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Snowy Waxcap

Edible Edible
Autumn Autumn
Winter Winter

A common and tasty Waxcap but it still prefers undisturbed and untreated land although seems more tolerant than other Waxcaps.

Mushroom Type
Common Names Snowy Waxcap (EN), Cap Cwyr Claerwyn (CY), Kopułka Śnieżna (PL), Fehér Nyirokgomba (HU)
Scientific Name Hygrocybe / Cuphophyllus virgineus
Synonyms Hygrocybe virginea
Season Start Sep
Season End Dec
Average Mushroom height (CM) 3-5
Average Cap width (CM) 2-4
Please note that each and every mushroom you come across may vary in appearance to these photos.


2-4 cm. White to ivory white. Starting convex but soon flattening and becoming depressed in the middle. As the cap matures the colour generally goes from white to ivory to almost grey/brown.


The gills are white, widely spaced and run down the stem (decurrent). There are veins or very small gills running at right angles between the main gills.


3-5 cm long, 0.3-0.8 cm diameter. White, tapering a bit towards the base and quite often curved.


Thin except for the centre of the cap.


In short grass in fields, meadows or commons that have not been intensely farmed.

Possible Confusion

The Clitocybe rivulosa/dealbata, pictured, can look similar but the gills of the Fool’s Funnel are quite crowded and not toothed and they tend to grow in different seasons but care should always be taken when foraging for white mushrooms.
The Cedarwood Waxcap (Cuphophyllus russocoriaceus) has a unique, cedarwood-like smell, its colour is more creamy white.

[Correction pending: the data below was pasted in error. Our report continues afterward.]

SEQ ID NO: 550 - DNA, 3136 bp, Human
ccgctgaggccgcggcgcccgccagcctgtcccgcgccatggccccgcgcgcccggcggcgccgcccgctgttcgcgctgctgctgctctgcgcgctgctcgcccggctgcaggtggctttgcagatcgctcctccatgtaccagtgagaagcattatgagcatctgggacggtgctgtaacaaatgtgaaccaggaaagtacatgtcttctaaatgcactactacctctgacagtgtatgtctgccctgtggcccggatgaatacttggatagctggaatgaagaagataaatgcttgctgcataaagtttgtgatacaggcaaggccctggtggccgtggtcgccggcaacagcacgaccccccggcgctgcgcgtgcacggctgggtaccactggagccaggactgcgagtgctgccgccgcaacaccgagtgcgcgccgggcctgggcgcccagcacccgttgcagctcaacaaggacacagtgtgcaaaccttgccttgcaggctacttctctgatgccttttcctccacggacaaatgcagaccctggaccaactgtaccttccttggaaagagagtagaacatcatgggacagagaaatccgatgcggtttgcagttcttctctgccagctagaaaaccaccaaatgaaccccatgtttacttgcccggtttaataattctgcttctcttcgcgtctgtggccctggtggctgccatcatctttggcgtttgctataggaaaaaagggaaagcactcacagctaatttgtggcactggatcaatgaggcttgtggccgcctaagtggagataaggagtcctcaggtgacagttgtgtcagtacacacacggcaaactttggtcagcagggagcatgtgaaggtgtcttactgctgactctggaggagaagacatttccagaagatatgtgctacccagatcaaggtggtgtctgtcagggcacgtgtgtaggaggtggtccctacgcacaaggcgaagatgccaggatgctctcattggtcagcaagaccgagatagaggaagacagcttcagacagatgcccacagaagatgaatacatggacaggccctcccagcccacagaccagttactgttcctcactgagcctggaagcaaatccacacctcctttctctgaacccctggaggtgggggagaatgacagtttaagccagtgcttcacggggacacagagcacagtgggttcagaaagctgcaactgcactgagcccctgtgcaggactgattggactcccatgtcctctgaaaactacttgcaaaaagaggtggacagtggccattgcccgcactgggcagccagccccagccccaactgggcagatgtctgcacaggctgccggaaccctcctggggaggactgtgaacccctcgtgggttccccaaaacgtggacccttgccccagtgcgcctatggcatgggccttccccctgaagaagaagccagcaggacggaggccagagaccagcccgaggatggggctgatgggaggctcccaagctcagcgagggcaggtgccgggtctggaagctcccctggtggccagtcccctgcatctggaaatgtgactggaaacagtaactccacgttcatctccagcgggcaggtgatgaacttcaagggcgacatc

Spore Print

White. Ellipsoid. You should scrape your spores into a small pile to get an accurate spore colour.

Taste / Smell

Good, mushroomy.



Other Facts

Care should always be applied when foraging for mushrooms with a white cap, white gills and a white stem as some of the most poisonous mushrooms in the UK are white all over.


3 comments for Snowy Waxcap

  1. Julie says:

    I have found a few white wax cap in my garden, is there a way I can get more to grow.

  2. James says:

    Found some under my old apple tree today. They look like small chanterelles (to my untrained eye) but their waxiness is a give away…and they are smaller, whiter! Pleased to add another ‘safe to eat’ to my list.

  3. Graham says:

    Found some today, smallish and as other poster noted visually similar to a chanterelle except white.
    Good mushroomy smell.
    Found in open short grass land.

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